Fluctuat&Mergitur: That is, erm, good to hear. Another problem at Paris-Saclay was that Paris-Sud tried to dominate the common university. This has caused much critique from the others. We hesitate to ask, but did NewUni learn anything here?

Implicit co-branding: The blue pixels at the top can be re-arranged to form the logos of the other partner institutes.
Dr. Naibaf: You see, this is a more difficult example to learn from. The principal obstacle is that Paris-Sud is not a member of NewUni. But we are working on a similar scheme also for NewUni. In this spirit, we have created graduate degrees. These are master programs at Ecole Polytechnique, which are officially co-branded with all NewUni partners, and in which NewUni lecturers teach. Yet, the NewUni partners are mentioned nowhere by name on the front page of the program or the brochure. Students from NewUni universities can participate in the program for 12,000 EUR, while students from Polytechnique can participate for free.

Fluctuat&Mergitur: This looks indeed as if there were a lesson to be learned. Another major problem at Paris-Saclay was that the institutes never agreed to delegate powers to the central organization of Paris-Saclay. In this way, there was no central entity that spoke in the interest of the common good, and everyone basically spoke for their own interest. What has NewUni learned?

The educational landscape at Télécom ParisTech, with the new programs in red.
Dr. Naibaf: I think it is obvious that we have learned from Paris-Saclay here! The NewUni partners also did not delegate powers to the central instance. Look at the organization of our Artificial Intelligence (AI) study programs alone: Polytechnique creates the graduate program in AI; Télécom ParisTech creates an adult education program in AI; ENSTA and Télécom ParisTech create a further education program in AI; ENSTA, Télécom ParisTech, and Télécom ParisSud create an AI option; and the future master’s program will certainly also offer a track in AI. Please don’t tell me that you can see any centralized organization here!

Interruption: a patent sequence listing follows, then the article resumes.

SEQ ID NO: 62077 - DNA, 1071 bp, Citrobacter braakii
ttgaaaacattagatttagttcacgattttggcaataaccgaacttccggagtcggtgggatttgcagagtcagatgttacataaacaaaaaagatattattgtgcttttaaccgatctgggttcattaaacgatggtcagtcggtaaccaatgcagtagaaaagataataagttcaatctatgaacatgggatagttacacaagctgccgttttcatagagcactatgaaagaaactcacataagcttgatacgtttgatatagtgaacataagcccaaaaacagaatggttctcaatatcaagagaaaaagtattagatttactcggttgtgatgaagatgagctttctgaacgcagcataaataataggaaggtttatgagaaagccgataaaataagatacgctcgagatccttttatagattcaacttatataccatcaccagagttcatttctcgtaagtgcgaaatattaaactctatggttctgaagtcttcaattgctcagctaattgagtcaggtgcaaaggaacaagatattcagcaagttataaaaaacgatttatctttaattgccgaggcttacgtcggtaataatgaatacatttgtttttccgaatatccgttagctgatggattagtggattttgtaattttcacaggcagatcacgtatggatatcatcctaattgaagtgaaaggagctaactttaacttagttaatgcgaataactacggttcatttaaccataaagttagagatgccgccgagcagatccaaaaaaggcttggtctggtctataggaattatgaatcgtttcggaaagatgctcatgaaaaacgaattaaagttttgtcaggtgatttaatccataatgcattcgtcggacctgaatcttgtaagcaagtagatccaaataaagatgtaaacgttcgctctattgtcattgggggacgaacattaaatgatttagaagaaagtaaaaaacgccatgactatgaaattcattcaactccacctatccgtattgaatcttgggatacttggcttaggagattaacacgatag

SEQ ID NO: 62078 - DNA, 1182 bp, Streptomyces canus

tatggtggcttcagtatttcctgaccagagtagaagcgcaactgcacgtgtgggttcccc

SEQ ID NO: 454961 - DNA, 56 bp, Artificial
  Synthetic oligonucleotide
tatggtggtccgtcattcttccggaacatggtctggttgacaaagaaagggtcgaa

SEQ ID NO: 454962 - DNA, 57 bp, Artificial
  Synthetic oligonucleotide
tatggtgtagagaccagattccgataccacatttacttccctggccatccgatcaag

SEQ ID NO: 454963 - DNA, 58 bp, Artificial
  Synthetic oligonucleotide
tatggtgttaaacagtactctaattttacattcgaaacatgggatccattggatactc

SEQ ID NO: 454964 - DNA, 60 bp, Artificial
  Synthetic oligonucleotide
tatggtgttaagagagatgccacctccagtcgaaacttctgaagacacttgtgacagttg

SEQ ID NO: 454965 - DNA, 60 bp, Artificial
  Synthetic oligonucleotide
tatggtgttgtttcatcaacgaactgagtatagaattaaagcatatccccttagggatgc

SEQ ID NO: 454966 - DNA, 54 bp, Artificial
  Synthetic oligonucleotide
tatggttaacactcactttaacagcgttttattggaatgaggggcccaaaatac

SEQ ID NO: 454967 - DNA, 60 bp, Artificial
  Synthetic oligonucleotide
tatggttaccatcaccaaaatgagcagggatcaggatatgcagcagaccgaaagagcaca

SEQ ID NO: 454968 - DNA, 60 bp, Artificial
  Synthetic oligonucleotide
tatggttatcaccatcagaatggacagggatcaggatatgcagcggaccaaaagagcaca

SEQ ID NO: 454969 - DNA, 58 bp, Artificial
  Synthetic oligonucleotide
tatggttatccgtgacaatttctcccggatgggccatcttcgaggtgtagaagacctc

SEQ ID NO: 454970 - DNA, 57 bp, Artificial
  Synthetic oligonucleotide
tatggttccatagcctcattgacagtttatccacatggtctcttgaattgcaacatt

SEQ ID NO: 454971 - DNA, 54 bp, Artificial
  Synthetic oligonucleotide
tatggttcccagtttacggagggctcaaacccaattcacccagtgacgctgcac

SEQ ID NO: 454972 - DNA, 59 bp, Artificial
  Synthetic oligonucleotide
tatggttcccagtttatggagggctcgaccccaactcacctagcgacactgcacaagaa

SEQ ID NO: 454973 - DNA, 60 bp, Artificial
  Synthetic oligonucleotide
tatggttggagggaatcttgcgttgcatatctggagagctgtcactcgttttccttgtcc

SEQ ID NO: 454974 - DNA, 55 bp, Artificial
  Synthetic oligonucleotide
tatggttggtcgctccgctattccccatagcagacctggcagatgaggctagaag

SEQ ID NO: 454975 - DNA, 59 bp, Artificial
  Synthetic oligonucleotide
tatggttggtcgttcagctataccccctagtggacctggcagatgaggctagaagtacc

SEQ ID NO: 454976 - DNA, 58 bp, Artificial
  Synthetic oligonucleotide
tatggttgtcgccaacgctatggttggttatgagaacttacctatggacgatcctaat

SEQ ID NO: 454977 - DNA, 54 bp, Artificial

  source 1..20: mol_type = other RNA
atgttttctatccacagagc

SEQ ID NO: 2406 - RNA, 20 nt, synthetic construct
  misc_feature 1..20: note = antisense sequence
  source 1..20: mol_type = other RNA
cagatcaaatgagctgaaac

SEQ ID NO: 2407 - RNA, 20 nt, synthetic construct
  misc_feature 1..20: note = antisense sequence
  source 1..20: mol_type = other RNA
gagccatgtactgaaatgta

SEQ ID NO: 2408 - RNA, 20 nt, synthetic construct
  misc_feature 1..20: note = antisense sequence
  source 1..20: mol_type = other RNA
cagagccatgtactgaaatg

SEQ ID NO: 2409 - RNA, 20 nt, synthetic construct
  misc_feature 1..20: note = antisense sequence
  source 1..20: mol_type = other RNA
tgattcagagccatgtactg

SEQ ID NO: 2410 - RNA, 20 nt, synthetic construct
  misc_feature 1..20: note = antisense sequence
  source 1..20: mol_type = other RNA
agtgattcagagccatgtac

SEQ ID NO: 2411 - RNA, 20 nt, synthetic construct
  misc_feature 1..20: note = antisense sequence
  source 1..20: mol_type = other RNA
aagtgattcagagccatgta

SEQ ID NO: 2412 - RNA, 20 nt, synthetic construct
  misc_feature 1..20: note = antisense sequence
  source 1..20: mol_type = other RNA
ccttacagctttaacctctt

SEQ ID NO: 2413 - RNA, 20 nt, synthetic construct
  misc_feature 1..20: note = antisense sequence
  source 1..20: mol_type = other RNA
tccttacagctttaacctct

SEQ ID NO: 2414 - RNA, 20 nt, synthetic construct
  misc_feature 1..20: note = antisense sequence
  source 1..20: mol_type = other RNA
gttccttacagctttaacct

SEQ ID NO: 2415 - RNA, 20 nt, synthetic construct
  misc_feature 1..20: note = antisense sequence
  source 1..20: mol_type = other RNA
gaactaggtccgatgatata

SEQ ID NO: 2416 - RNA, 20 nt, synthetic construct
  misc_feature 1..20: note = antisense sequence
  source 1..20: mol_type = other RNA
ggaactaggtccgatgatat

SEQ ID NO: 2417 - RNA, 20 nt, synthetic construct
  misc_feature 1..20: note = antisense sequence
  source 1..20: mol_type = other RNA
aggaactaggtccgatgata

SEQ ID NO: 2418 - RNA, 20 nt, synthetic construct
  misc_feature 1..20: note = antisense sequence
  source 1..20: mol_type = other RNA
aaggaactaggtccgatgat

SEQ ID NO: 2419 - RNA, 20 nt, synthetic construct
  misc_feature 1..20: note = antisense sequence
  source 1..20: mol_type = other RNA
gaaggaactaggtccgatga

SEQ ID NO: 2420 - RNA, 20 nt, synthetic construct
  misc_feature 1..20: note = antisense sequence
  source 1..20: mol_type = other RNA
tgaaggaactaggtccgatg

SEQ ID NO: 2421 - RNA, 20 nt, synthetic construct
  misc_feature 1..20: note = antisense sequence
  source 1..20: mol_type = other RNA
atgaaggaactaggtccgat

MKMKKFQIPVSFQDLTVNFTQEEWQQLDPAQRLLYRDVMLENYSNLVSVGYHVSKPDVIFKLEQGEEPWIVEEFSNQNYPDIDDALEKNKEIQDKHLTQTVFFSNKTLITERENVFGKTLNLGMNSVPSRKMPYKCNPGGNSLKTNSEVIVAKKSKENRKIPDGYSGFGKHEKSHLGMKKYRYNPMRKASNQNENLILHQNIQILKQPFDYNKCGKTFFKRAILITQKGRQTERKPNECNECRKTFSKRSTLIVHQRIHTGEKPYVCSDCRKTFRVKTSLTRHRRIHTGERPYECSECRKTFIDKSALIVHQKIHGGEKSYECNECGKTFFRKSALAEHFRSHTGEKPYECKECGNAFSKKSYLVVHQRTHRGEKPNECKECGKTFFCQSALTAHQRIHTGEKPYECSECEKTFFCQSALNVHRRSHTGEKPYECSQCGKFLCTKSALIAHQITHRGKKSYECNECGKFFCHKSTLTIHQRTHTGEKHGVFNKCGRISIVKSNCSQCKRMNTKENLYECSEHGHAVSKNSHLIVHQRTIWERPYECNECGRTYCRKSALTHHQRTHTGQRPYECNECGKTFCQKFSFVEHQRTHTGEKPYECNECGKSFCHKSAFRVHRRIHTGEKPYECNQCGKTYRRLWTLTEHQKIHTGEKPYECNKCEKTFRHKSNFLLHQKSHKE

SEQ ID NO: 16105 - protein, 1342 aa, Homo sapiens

Fluctuat&Mergitur: We totally agree. What is the role of the lecturers and the staff in this process?

Dr. Naibaf: It is true that the only IT system so far that works across all institutes of NewUni was drawn up by a research engineer at Télécom ParisTech. The only public written proposal for the organization of the master programs so far comes from a research group. The only instance that regularly shares meeting notes is the student representative in the fortnightly meeting with the directorate of Télécom ParisTech. But these are fringe cases. The responsibility for the strategy, the vision, and the general lead is with the institutes, not the lecturers or the staff.

Fluctuat&Mergitur: That is reassuring indeed! We thank you for this interview!

Dr. Naibaf: It’s my pleasure! Next time, I can tell you how NewUni learned from ParisTech!